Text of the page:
People have been unconsciously programmed that striving for money or having financial goals is a materialistic view in life. They don’t realize that you can have the best of both worlds. You can be driven for money and also driven for good in the world. I think society and media tell us that people who are wealthy are ‘bad people’ or extremely ‘busy people’ that ignore their families. Money doesn’t make people bad. It doesn’t make people good. It is just paper. Just like grass doesn’t make people bad or good. Money only gives you more opportunities, period. So, if you’re a shitty person, you have more opportunities to be shitty when you have money, and vice versa. Not all people with money are bad and not all people without money are good. There is zero correlation, despite what you have been taught.

I had to force myself through several coaching sessions before I finally let go of a belief that wasn’t serving me. It took me about 4 coaching sessions to realize that I can have a lot of money and be a good mother. In my mind, I had separated the two and decided somewhere along the road of life that super successful, rich women did not have time for their children and nannies raised them. I also believed that once reaching a certain amount of income, I would automatically turn into a materialistic person and I didn’t realize that MONEY ISN’T GOING TO CHANGE ME. WITH OR WITHOUT MONEY, I AM STILL ME. I could be wealthy and minimalistic. Or wealthy and humble. Or wealthy and positively impactful. I just honestly wasn’t exposed to people with money as a child, therefore I am re-wiring as an adult.

I know whole-heartedly that I will get backlash about this blog. I know that there are going to be people that call me rude for talking about money. Or bragging. But I encourage everyone to try removing all the walls you have built around financial discussions. I encourage you to normalize our discussions about salaries so that we can help others see what they want to strive for. I stand here and I challenge you greatly to start discussing what is possible when it comes to income and removing that piece of your brain that tells you that we are not ‘supposed’ to discuss this. It is not helping the world when we stay small and private. Educating people openly and with large movements is what drastically slows racism, sexism, gender hate, bullying, wars.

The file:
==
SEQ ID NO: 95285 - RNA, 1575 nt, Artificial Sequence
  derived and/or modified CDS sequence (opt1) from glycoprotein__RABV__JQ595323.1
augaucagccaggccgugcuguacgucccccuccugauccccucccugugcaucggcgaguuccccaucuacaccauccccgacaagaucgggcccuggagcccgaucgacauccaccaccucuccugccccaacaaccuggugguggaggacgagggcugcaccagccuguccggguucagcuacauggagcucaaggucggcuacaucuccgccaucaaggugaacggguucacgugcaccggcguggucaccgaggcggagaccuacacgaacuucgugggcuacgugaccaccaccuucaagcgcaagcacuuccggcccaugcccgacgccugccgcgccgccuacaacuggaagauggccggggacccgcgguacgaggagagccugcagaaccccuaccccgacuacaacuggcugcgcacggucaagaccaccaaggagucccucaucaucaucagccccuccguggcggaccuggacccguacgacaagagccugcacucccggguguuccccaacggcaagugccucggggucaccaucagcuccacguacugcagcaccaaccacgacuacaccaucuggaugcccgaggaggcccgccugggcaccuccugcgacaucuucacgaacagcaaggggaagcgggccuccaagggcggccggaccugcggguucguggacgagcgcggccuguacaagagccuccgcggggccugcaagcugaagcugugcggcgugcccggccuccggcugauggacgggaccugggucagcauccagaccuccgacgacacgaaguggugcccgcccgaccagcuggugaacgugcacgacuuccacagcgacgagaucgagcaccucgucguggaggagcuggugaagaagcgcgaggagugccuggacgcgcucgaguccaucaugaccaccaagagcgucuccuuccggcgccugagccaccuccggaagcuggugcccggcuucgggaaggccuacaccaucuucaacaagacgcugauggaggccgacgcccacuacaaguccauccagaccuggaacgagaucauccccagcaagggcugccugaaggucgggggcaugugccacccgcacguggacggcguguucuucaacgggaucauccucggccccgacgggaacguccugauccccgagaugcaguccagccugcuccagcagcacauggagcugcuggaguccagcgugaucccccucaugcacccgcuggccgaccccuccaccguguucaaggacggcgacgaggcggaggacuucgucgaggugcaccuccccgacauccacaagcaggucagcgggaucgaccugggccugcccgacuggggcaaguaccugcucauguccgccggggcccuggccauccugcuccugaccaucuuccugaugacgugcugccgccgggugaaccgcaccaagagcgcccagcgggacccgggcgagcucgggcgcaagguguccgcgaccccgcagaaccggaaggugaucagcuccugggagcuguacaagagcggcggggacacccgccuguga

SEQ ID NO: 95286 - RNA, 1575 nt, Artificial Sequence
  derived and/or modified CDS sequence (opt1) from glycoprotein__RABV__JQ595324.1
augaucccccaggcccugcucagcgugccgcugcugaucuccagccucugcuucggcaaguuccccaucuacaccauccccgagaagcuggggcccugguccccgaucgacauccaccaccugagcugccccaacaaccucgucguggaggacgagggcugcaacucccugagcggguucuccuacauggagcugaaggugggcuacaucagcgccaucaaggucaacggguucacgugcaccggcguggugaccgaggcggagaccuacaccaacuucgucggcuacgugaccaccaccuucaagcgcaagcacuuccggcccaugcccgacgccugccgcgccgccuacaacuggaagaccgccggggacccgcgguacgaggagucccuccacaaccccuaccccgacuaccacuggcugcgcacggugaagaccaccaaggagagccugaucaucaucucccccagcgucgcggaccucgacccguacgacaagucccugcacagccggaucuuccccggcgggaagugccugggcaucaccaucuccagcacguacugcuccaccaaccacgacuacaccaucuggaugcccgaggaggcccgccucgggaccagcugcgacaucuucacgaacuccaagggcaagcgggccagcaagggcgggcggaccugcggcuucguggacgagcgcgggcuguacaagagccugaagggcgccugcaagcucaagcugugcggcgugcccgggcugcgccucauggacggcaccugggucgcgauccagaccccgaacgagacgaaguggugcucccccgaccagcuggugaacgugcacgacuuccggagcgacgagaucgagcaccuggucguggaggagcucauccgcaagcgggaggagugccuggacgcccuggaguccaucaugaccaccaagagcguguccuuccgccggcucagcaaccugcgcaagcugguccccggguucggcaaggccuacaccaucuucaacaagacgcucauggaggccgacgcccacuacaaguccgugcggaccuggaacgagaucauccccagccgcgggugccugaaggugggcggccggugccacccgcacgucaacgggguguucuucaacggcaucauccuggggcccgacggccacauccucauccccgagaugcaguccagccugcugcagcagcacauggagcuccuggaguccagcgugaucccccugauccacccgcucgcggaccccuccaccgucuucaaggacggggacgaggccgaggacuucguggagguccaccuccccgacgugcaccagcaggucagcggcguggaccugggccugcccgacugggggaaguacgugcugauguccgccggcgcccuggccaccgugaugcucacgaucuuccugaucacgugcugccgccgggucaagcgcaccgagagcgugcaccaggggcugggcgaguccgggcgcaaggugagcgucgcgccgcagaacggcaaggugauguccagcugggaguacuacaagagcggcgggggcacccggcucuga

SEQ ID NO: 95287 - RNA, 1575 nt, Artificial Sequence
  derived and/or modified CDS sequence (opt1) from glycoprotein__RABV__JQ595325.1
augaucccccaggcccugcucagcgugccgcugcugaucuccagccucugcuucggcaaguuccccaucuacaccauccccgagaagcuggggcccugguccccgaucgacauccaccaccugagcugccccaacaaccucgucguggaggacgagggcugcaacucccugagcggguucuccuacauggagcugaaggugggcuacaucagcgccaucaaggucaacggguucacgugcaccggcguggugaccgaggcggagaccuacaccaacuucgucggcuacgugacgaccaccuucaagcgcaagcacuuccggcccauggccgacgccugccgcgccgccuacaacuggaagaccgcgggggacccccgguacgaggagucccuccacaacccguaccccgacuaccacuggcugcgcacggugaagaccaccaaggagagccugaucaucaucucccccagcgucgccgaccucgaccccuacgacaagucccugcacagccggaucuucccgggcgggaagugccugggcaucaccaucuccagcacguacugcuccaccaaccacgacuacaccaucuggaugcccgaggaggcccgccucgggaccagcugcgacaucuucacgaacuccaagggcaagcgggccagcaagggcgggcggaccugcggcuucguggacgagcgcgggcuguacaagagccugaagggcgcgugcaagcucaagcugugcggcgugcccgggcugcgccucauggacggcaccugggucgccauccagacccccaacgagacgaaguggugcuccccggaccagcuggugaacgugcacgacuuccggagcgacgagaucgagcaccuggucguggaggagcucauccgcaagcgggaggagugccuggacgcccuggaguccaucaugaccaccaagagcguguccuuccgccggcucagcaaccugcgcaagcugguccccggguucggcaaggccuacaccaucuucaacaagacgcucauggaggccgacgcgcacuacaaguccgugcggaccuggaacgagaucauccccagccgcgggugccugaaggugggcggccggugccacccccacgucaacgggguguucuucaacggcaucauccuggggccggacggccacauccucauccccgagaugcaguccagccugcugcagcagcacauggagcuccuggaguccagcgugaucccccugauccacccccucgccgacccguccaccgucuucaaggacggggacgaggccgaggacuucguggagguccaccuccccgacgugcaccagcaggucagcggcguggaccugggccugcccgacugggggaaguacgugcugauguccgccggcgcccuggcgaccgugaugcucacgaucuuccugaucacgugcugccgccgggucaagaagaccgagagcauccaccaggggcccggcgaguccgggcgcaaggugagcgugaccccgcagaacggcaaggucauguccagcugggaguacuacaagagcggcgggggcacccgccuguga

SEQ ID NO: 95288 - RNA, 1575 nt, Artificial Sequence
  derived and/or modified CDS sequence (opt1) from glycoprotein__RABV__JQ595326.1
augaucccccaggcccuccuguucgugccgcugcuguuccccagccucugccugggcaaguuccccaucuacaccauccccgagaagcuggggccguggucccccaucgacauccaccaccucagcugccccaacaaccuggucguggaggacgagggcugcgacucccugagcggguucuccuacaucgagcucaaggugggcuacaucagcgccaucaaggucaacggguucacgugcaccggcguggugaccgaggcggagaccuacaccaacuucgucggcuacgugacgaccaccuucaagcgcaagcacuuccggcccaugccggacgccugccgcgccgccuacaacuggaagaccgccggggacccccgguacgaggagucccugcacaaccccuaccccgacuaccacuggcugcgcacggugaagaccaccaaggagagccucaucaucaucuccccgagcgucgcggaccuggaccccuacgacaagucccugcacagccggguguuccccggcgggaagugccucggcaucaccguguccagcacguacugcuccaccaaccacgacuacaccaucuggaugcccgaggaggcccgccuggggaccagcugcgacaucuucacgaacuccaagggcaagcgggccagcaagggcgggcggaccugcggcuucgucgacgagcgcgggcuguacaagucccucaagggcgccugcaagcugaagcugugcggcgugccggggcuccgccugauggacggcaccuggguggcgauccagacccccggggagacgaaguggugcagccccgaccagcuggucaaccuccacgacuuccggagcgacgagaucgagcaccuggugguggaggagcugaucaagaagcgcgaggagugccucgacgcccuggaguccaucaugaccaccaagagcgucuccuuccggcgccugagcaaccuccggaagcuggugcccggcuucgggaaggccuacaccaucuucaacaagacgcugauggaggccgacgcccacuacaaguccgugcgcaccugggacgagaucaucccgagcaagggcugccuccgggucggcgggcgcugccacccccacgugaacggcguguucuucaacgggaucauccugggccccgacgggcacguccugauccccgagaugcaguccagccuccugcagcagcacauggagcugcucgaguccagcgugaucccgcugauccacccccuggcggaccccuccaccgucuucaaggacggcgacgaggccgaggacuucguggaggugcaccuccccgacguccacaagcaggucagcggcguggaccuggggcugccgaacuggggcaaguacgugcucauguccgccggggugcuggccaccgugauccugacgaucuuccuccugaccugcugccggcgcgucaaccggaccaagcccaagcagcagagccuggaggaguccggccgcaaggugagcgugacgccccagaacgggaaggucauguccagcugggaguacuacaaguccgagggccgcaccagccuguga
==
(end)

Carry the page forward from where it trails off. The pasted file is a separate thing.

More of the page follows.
What if discussing your income impacted just one person, the way it did for me when a woman told me her income a few years ago. I still remember like it was yesterday. She made roughly 100,000 and at the time, to me that seemed unfathomable. I decided I wanted to make 100,000 and as soon as that door opened in my mind, six figures came following right behind.

I am not here to say that your money goals aren’t big enough, and I’m not here to say that everyone should be making millions of dollars or wanting to be making millions of dollars. This is not a discussion on goal setting.